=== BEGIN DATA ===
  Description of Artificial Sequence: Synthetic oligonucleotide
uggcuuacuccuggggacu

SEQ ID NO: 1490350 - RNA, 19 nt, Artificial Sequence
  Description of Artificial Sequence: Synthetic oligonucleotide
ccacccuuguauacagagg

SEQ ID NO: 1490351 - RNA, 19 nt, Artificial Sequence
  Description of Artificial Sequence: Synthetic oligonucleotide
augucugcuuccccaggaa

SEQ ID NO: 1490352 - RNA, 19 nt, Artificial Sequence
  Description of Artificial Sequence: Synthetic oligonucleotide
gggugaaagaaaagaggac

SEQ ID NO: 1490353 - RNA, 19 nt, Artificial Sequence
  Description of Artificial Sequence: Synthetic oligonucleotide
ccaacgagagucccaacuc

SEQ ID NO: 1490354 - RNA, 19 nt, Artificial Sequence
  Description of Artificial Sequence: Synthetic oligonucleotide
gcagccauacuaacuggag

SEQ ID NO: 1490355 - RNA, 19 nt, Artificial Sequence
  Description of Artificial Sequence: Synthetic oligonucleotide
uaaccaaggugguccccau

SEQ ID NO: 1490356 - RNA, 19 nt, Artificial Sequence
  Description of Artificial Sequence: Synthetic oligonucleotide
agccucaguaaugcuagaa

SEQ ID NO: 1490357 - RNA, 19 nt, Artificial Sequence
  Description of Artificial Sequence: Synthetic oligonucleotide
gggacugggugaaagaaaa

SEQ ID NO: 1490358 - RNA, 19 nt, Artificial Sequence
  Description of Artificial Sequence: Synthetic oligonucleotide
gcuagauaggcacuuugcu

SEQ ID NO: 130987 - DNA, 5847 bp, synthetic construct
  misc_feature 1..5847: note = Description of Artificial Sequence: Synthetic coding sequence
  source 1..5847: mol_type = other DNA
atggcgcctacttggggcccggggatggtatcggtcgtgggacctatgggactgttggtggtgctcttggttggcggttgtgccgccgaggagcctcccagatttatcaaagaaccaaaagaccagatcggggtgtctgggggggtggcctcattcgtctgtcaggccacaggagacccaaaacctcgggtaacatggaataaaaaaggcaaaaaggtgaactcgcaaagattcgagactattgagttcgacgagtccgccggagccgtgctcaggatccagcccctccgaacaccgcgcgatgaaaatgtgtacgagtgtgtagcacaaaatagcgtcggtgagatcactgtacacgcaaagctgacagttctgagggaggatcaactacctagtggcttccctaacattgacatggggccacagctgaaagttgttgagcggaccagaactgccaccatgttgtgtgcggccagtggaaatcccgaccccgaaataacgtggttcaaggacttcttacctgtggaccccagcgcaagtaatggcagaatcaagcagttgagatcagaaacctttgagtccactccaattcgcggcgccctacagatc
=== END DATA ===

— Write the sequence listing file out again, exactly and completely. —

  Description of Artificial Sequence: Synthetic oligonucleotide
uggcuuacuccuggggacu

SEQ ID NO: 1490350 - RNA, 19 nt, Artificial Sequence
  Description of Artificial Sequence: Synthetic oligonucleotide
ccacccuuguauacagagg

SEQ ID NO: 1490351 - RNA, 19 nt, Artificial Sequence
  Description of Artificial Sequence: Synthetic oligonucleotide
augucugcuuccccaggaa

SEQ ID NO: 1490352 - RNA, 19 nt, Artificial Sequence
  Description of Artificial Sequence: Synthetic oligonucleotide
gggugaaagaaaagaggac

SEQ ID NO: 1490353 - RNA, 19 nt, Artificial Sequence
  Description of Artificial Sequence: Synthetic oligonucleotide
ccaacgagagucccaacuc

SEQ ID NO: 1490354 - RNA, 19 nt, Artificial Sequence
  Description of Artificial Sequence: Synthetic oligonucleotide
gcagccauacuaacuggag

SEQ ID NO: 1490355 - RNA, 19 nt, Artificial Sequence
  Description of Artificial Sequence: Synthetic oligonucleotide
uaaccaaggugguccccau

SEQ ID NO: 1490356 - RNA, 19 nt, Artificial Sequence
  Description of Artificial Sequence: Synthetic oligonucleotide
agccucaguaaugcuagaa

SEQ ID NO: 1490357 - RNA, 19 nt, Artificial Sequence
  Description of Artificial Sequence: Synthetic oligonucleotide
gggacugggugaaagaaaa

SEQ ID NO: 1490358 - RNA, 19 nt, Artificial Sequence
  Description of Artificial Sequence: Synthetic oligonucleotide
gcuagauaggcacuuugcu

SEQ ID NO: 130987 - DNA, 5847 bp, synthetic construct
  misc_feature 1..5847: note = Description of Artificial Sequence: Synthetic coding sequence
  source 1..5847: mol_type = other DNA
atggcgcctacttggggcccggggatggtatcggtcgtgggacctatgggactgttggtggtgctcttggttggcggttgtgccgccgaggagcctcccagatttatcaaagaaccaaaagaccagatcggggtgtctgggggggtggcctcattcgtctgtcaggccacaggagacccaaaacctcgggtaacatggaataaaaaaggcaaaaaggtgaactcgcaaagattcgagactattgagttcgacgagtccgccggagccgtgctcaggatccagcccctccgaacaccgcgcgatgaaaatgtgtacgagtgtgtagcacaaaatagcgtcggtgagatcactgtacacgcaaagctgacagttctgagggaggatcaactacctagtggcttccctaacattgacatggggccacagctgaaagttgttgagcggaccagaactgccaccatgttgtgtgcggccagtggaaatcccgaccccgaaataacgtggttcaaggacttcttacctgtggaccccagcgcaagtaatggcagaatcaagcagttgagatcagaaacctttgagtccactccaattcgcggcgccctacagatc